AutoTRIAGE: clinical, computational & biomechanical investigation of the feasibility of using vehicular event data recorders for assessing head trauma

Lead Research Organisation: Imperial College London
Department Name: Design Engineering

Abstract

Traumatic brain injury (TBI) is a leading injury type amongst vehicle occupants, with serious cases requiring the deployment of substantial emergency service resources. The purpose of this research is to explore the feasibility of using data recorded by the embedded sensors on a vehicle to instantaneously indicate the severity of TBI experienced in a collision and rapidly direct the deployment of emergency service resources, maximising the likelihood of a positive outcome. The implementation of AutoTRIAGE within vehicles has the potential to significantly reduce the impact of road traffic collisions on the number of deaths and serious injuries.

Publications

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Studentship Projects

Project Reference Relationship Related To Start End Student Name
EP/R512540/1 01/10/2017 31/03/2022
1974730 Studentship EP/R512540/1 02/10/2017 30/11/2021 Claire Elizabeth Baker
 
Description We have analysed in-depth road traffic collision data to determine the prevalence and types of brain injuries sustained in real-world accidents. We've analysed different risk factors that lead to specific or more severe traumatic brain injuries. We have highlighted some relations between traumatic brain injury type and severity and physical collision characteristics that could feasibly be recorded by in-vehicle sensors. Note that these findings are awaiting peer review for journal publication.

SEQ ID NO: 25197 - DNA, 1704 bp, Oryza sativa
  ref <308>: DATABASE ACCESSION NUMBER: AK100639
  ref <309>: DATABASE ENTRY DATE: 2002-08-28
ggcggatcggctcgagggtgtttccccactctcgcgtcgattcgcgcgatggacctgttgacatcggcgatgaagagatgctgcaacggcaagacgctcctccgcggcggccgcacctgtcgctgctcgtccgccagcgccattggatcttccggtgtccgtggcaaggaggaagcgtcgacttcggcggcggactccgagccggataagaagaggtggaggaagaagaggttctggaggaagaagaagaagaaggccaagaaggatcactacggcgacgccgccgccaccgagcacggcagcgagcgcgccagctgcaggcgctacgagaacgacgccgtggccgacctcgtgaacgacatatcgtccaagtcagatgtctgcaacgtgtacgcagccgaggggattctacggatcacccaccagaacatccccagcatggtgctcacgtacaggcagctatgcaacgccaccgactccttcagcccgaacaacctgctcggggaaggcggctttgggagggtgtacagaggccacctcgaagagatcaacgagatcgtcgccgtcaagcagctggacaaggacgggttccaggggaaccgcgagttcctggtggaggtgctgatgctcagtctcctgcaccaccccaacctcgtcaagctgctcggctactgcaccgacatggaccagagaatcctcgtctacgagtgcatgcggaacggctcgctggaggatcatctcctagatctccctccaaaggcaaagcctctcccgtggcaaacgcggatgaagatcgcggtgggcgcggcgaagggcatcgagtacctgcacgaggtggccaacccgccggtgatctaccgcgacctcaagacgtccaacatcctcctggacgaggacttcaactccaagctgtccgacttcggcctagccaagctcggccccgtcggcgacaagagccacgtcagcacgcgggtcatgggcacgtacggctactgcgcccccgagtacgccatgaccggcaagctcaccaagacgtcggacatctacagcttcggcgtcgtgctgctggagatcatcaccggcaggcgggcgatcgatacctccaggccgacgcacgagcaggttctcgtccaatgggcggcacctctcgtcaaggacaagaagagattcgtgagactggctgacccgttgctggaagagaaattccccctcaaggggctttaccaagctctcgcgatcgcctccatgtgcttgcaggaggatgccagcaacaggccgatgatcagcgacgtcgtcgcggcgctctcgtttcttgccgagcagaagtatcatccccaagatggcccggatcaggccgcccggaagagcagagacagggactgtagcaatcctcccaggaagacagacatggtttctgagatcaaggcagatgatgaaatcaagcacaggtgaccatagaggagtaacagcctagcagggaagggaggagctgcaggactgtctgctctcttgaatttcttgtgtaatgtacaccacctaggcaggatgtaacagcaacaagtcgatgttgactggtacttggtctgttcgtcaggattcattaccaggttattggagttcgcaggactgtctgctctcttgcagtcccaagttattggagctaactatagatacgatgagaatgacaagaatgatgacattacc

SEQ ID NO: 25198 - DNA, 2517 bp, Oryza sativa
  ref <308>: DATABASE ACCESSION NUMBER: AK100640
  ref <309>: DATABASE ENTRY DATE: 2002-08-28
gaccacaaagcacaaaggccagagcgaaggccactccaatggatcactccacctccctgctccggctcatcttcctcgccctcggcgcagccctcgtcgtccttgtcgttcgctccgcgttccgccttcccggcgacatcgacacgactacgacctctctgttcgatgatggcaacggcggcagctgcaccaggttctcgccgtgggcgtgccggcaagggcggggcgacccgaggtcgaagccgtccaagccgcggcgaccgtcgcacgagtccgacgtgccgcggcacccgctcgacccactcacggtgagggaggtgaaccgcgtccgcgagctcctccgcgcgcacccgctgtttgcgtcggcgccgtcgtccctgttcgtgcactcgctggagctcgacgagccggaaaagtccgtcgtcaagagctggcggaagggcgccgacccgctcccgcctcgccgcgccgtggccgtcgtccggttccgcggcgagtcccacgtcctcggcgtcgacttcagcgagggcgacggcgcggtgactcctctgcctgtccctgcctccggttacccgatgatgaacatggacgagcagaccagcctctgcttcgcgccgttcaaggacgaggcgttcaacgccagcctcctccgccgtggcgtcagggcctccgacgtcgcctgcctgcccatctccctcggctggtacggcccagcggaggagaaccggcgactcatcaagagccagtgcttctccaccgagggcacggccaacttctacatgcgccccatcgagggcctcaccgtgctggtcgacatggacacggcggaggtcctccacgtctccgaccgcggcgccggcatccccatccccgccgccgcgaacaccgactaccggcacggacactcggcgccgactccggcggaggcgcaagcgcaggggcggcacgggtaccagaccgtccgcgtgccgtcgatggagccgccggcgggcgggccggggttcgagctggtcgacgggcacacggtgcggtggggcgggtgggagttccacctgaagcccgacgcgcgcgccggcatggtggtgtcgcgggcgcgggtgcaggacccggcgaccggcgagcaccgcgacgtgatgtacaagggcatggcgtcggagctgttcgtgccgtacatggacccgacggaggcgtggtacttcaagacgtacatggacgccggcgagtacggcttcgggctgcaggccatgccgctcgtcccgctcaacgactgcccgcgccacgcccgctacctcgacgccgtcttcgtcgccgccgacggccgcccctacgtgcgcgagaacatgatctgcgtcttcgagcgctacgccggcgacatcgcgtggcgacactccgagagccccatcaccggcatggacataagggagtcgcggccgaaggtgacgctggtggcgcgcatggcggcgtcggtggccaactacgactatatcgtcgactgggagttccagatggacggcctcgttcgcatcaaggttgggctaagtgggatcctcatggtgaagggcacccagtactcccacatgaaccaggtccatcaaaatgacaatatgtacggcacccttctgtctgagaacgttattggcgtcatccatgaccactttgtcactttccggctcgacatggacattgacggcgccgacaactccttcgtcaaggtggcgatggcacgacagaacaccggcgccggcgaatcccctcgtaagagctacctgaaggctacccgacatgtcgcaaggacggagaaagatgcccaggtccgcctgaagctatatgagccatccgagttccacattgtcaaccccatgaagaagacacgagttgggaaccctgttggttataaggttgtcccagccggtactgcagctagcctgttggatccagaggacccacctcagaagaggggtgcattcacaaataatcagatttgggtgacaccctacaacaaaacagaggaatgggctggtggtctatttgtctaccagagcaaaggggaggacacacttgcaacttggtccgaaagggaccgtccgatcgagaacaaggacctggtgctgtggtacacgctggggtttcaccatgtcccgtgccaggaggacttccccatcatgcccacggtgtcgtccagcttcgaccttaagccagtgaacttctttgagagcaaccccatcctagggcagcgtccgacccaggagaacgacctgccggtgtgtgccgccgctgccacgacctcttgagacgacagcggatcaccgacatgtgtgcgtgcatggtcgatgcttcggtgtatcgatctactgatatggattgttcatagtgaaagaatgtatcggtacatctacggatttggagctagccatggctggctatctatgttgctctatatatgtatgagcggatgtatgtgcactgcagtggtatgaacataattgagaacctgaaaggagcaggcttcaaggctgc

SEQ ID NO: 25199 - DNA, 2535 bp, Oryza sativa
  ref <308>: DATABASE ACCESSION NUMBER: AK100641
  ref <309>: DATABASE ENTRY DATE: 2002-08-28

The link below is a non-specialist audience 'white paper' article introducing the field which is useful for a non-specialist reader.

So far the awards aims have been partially met (award still active for another 19 months).
Exploitation Route By better understanding the relationship between collision characteristics and injury outcomes, policy makers can mitigate from these injuries in future. In this manor we hope to positively influence road safety policy and technology. This has already begun happening through contribution to the UNECE DSSAD/EDR working group (https://wiki.unece.org/pages/viewpage.action?pageId=87621709).

Additionally, our aim is to relate injury outcomes to physical characteristics that can be recorded by data during a crash. When done in real-time, this can build on existing eCall type systems to help streamline the emergency service response to road traffic collisions, improving patient outcomes by better optimising emergency medical resources.
Sectors Digital/Communication/Information Technologies (including Software),Healthcare,Government, Democracy and Justice,Transport

URL https://www.concussionzone.com/users/318476-claire-baker/posts/56405-smart-sensors-predicting-traumatic-brain-injury-in-road-traffic-collisions